In this second installment of the Books of Beginning, Kate, Michael and Emma have been sent to the Edgar Allen Poe Home for Children for their safety while Dr. Pym takes care of some needed tasks.
It isn't long until the whereabouts of the children is discovered, forcing them to flee. Kate ends up going back in time and becoming trapped, while Michael and Emma remain in the present, searching for the Book of Life, known as the Fire Chronicle.
While at times you will be reminded of Harry Potter, this story does set itself apart and is very entertaining in its own right. Narrated by Jim Dale, whose performance is flawless, as I've come to expect. Listening to Dale is like being tucked in to bed with an epic adventure about to begin.
Dearly departed Bailey Ruth is back in Adelaide, her hometown, for another emissary assignment - but the details aren't quite clear. Normally Wiggins, the head of the Department of Good Intentions, gives Bailey Ruth detailed instructions but this time, she didn't even see Wiggins before her departure. She soon learns who she is there to protect and as usual, Bailey Ruth isn't very adept at keeping the precepts, especially the one on not appearing unless it is absolutely necessary. So when Bailey Ruth tries to disappear and finds she can't, she knows that she is stuck on earth and Wiggins has no idea she is there.
While the story sounds intriguing, the narration did not hold my attention to get past even 10 minutes of the book.
When Holly, who is overweight and recently widowed, learns that her plane seat cannot be upgraded to first class, she groans. She hates the tight, compact seats in coach, especially, when she sees the man she will share the next five hours with, spilling into his seat because of her size. She doesn't miss the look on his face either when he sees she is about to sit beside him.
But during that long flight, Holly and Logan share some conversation and when they depart, Holly has an invitation for personal fitness training lessons with Logan, who not only lives in her town but is also a personal fitness trainer.
Logan is surprised when Holly calls to set up her first training session, and as time goes on, he is even more surprised at the feelings he is beginning to develop for Holly.
I wanted to like this book but the narration didn't grab me and the story line couldn't keep me.
This story is told by the daughter of one of the first women accused of witchery. Through Sarah Carrier's eyes we see how the family struggled with every day life during these Puritan times and how Sarah and her family dealt with Martha's imprisonment and subsequent death when accused of being a witch.
Winningham's performance was a bit dry and lacking, even though the story is meant to show how difficult life was during those times.
Things are just not going well for Sookie, she seems to have her plate full most of the time. First, the vampire king of Las Vegas, Arkansas and Louisiana is in town and causing Eric some problems. To add to Eric's woes, a young woman is found murdered in his yard and it is the same woman Eric just had a drink from.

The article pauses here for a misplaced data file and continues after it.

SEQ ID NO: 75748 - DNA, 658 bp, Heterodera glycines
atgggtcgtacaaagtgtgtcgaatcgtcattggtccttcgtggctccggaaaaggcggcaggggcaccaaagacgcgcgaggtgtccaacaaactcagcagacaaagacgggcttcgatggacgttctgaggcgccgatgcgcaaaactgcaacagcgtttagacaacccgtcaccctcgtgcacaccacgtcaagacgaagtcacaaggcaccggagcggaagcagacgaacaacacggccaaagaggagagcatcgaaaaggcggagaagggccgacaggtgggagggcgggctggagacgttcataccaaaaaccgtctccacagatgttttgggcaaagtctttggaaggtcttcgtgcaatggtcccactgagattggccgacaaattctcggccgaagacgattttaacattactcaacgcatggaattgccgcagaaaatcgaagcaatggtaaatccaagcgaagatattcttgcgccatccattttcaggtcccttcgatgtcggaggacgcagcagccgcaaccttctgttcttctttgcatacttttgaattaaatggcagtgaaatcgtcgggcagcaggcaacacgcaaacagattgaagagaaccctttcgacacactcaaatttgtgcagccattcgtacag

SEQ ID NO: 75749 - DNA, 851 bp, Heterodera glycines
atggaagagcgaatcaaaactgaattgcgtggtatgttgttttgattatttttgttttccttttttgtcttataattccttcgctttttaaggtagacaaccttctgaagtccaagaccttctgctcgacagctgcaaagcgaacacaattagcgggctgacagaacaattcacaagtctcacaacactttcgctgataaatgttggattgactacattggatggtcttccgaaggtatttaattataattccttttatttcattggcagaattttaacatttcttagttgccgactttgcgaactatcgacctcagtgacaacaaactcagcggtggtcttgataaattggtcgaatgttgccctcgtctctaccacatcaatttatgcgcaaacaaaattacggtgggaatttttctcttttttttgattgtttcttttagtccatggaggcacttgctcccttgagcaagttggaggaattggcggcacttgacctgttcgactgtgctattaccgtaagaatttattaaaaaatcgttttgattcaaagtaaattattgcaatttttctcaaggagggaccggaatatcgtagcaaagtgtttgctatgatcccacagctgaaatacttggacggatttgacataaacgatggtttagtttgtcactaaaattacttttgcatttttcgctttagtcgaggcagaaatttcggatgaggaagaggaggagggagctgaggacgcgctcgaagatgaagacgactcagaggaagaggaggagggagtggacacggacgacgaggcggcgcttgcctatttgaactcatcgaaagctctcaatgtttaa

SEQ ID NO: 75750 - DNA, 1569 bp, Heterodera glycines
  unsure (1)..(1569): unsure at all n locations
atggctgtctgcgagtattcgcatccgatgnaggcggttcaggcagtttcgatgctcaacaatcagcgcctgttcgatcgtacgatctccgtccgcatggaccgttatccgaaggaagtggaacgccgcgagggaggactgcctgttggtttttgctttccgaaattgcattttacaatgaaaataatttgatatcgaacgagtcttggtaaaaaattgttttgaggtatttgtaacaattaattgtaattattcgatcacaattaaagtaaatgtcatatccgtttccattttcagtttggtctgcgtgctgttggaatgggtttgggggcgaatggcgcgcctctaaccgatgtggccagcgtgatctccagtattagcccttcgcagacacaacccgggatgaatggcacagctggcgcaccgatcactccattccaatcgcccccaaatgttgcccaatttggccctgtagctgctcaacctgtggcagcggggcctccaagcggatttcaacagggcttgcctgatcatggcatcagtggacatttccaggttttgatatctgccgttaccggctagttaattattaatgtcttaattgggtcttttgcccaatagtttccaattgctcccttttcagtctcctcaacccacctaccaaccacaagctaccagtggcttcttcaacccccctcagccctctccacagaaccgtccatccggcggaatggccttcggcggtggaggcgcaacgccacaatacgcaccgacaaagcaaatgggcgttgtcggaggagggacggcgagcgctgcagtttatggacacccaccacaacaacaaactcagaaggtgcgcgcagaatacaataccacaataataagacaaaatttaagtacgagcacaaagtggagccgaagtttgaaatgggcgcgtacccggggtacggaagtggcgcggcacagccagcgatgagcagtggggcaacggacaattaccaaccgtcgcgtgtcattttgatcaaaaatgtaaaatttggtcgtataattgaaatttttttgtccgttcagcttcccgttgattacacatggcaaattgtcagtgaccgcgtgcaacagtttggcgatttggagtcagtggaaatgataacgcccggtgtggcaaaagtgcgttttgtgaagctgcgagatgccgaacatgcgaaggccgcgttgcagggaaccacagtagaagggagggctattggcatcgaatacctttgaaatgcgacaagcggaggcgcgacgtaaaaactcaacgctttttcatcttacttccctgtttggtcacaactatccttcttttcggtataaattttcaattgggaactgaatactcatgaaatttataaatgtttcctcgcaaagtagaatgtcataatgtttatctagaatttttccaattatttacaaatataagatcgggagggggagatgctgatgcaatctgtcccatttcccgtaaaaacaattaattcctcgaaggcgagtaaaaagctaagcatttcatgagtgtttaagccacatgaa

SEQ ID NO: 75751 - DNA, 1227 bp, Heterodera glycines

Sam is dating a new were, the enforcer for Alcied's Longtooth pack and this were doesn't seem to like Sookie, for reasons unknown.
Sookie's fairy cousin Claude is also causing Sookie problems, just by being his usual selfish self and Sookie learns there are strange things going on at Claude's strip club.
Sookie is still worried about her rare and one-of-a-kind magical fairy object and it seems as though someone would like to take it from her, at any cost.
Fans of Sookie Stackhouse books will not be disappointed. Johanna Parker does an excellent job at the narration, in fact, her portrayal of Sookie is what drew me in to this series.
This is not a story as much as it is a history or documentary of the 1860 murder of a young boy, Saville Kent, and the well known and respected Scotland Yard detective, Jonathan Whicher. I will confess, it gets a bit boring at times so if you are looking for something with action, you may want to pass this by. If you are looking for a history lesson of the British police, their words and phrases, and how investigations were handled, you'll enjoy this book.
Claire Cosi, manager of the iconic Village Blend coffee house, finds herself pulled into another murder investigation after finding her friend, and traveling Santa, shot dead in a nearby alley. Worried the police are going to chalk it up as a random mugging gone wrong, Claire refuses to let her friend's murderer get away.
Rebecca Gibel's performance is crisp and delightful.
Johanna Parker is lively, animated, and entertaining in the Sookie Stackhouse books, everything she is not in this story. At times it seems like she is rushing through the sentences. The reading was so poor, I couldn't continue past the first 45 minutes of the story. I'd rather read the book myself. I can't even say if the story is engaging, since the reading turns you away.
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